This is part of film critic Connie Wilson’s exclusive coverage of the SXSW Film Festival for QuadCities.com.

“Nobody Speak: Trials of the Free Press” from Director/Screenwriter Brian Knappenberger @ SXSW

Genre:  Documentary Feature

Length:  95 minutes

Writer/Director:  Brian Knappenberger

Principal Cast:  Nick Denton, A.J. Daulario, John Cook, David Folkenflick, Floyd Abrams, Peter Sterne, David Houston, Margaret Sullivan, Jay Rosen, John L. Smith

Review:  Connie Wilson

 

The trial between wrestler Hulk Hogan and Gawker Media pitted privacy rights against freedom of the press, but ended up as a case study in how big money can silence media using legal means. This examination of the free press in an age of inequality echoes the “Vanity Fair” issue with an article by David Margolick entitled “V.C. for Vendetta.”

From that article, we learn that, outed as gay by one of Gawker’s web sites in 2007, Silicon billionaire Peter Thiel ($2.5 billion as a co-founder of PayPal,  and an early investor in Facebook) laid low until 2016, when he seized the opportunity to financially back Hulk Hogan’s invasion of privacy suit over a sex tape to bankrupt the entire organization.

In this documentary that interviews all the principals except Thiel (who is seen speaking at other venues), we learn that “what he’s done is to legitimize the idea that an uninvolved party can fund an effort by someone else in order to destroy a news organization. If billionaires and multi-millionaires can be behind the scenes doing this, that is conspiratorial and underhanded completely.” As Gawker founder Nick Denton, who was personally bankrupted, said, “We were outgunned here.”

Knappenberger dubs it, “abusing the justice system to go after journalists.” All these efforts have taken back a lot of the 1st Amendment rights. Many others are mentioned in the piece:  the Chandler family, the Salzburger family of New York, Jeff Bezos’ purchase of the “Washington Post” and, in greater detail, Sheldon Adelson’s purchase of Nevada’s largest newspaper, the Las Vegas Review-Journal.

John L. Smith, the editor of the Las Vegas Review-Journal wrote a book about early investors in Las Vegas’ history entitled “Sharks in the Desert:  The Founding Fathers and the Current Sharks.” There was one line mentioning Sheldon Adelson. Adelson sued Smith for the one line in the book, and lodged the $15 million dollar suit at a time when Smith was bedside in a local hospital with his young daughter Amelia, who was suffering from a brain tumor.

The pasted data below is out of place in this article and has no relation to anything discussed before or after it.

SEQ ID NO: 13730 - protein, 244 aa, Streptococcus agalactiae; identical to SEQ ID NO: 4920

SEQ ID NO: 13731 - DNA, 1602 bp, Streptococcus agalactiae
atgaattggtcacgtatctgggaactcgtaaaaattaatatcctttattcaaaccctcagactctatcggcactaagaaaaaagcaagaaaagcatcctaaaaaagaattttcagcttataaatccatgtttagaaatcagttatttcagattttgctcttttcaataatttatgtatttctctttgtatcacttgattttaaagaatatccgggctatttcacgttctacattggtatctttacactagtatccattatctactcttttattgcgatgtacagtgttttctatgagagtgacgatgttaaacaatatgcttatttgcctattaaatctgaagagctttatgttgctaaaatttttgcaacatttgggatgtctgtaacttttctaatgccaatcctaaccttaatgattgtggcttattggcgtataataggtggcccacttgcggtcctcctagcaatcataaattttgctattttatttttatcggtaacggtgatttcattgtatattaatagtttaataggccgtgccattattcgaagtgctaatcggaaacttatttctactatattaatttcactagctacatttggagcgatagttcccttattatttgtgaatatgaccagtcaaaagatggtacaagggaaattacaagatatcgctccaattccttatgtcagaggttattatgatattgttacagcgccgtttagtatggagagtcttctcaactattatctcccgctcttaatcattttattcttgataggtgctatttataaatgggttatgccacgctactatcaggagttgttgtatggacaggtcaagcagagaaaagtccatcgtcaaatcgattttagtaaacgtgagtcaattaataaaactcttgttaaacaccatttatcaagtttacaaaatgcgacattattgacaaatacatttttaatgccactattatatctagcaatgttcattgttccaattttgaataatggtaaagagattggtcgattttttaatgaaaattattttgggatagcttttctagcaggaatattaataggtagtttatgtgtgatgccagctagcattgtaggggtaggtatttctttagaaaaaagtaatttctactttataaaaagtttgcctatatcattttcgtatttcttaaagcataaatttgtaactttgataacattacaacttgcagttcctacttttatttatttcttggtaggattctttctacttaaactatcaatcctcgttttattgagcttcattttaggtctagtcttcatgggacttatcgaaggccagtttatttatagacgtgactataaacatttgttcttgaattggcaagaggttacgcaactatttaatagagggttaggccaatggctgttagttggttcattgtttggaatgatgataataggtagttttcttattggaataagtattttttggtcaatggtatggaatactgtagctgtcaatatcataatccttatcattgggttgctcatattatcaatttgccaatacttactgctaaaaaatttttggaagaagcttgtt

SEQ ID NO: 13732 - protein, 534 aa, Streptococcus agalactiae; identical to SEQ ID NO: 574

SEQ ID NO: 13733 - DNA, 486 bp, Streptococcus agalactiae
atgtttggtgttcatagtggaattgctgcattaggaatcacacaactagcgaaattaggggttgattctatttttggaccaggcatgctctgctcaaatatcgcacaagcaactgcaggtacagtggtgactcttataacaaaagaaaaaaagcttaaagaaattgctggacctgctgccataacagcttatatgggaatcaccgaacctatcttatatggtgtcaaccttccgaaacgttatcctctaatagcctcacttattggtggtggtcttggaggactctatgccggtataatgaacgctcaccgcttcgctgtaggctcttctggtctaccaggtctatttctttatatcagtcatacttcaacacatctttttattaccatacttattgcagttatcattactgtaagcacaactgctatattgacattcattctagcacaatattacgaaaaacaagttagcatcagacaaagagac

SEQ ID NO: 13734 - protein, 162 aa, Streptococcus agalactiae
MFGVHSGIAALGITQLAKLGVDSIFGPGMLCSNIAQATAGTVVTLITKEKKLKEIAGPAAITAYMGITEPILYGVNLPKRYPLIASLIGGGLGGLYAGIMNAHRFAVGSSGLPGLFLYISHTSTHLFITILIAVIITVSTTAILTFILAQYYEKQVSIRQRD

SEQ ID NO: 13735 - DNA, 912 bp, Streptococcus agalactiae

Smith was offered all sorts of financial inducements not to publish articles about Adelson, but resisted. He was blackmailed regarding the one line in his book, and, as he said:  “Bullies always act the same.” Then, unexpectedly, the entire staff of the Las Vegas Review-Journal was brought in to a meeting cold and told the newspaper had been sold. They were not allowed to know who had bought them.

Rather than take this without investigating, the entire staff, including one particular employee who had been with the paper for 39 and ½ years.  Smith said, “”Everybody came in and everybody stayed.  For us, it was preserving whatever integrity we had.  We knew it was a career-ending movie.  Soe stories are worth losing your job over.” As Smith asserted, “Journalism is a calling for a lot of us.”

As a Journalism Major (Ferner/Hearst Journalism Scholarship recipient), this documentary spoke to me. I characterize myself as “”Old School” because my stint with 5 “real”newspapers began in the sixties and continues today. We were of the generation that grew up with only 3 channels trusting the voice of Walter Cronkite to tell us the truth. There was no Internet. There was no cable television, and we believed in presenting both sides of the story so that readers could draw fair conclusions.

The idea of “hacking” Internet accounts and Wiki Leaks style leaking of documents from the e-mail of others was decades away. I find it personally offensive that anyone in a position of authority can level charges of bias and dishonesty against the hardworking men and women of the press. One of the least honest politicians (or human beings) of all time has underscored just how important a free and independent press is. No less an authority than Thomas Jefferson talked about the importance of a free press in keeping the checks and balances of this country working properly.

This documentary was depressing in that it showed the extent to which being rich means being able to destroy the very institutions we thought were inviolate.  As we watch money corrupting the very fabric of America, we are simultaneously experiencing the intentional undermining of the free press and I, for one, view it as one of the biggest mistakes our Republic has made since its inception.

A very informative, relevant and concerning documentary. Reading the “Vanity Fair” article by David Margolick explained much of the Peter Thiel/Nick Denton Gawker sex tape dispute in far greater detail, which added to my understanding of the film’s rehash of the trial, which was surreal in so many ways. The revelations about the Las Vegas Review-Journal were new to me.

 

Worth watching, if you care about being part of an informed populace in a democracy.

Connie (Corcoran) Wilson (www.ConnieCWilson.com) was the Quad City Times film and book critic for 15 years and has continued reviewing film uninterruptedly since 1970. She also publishes books (31 at last count) in a variety of genres (www.quadcitieslearning.com), has taught writing or literature classes at every Quad City college or university as adjunct faculty, was Yahoo's Content Producer of the Year for Politics  and writes on a variety of topics at her own blog, www.WeeklyWilson.com.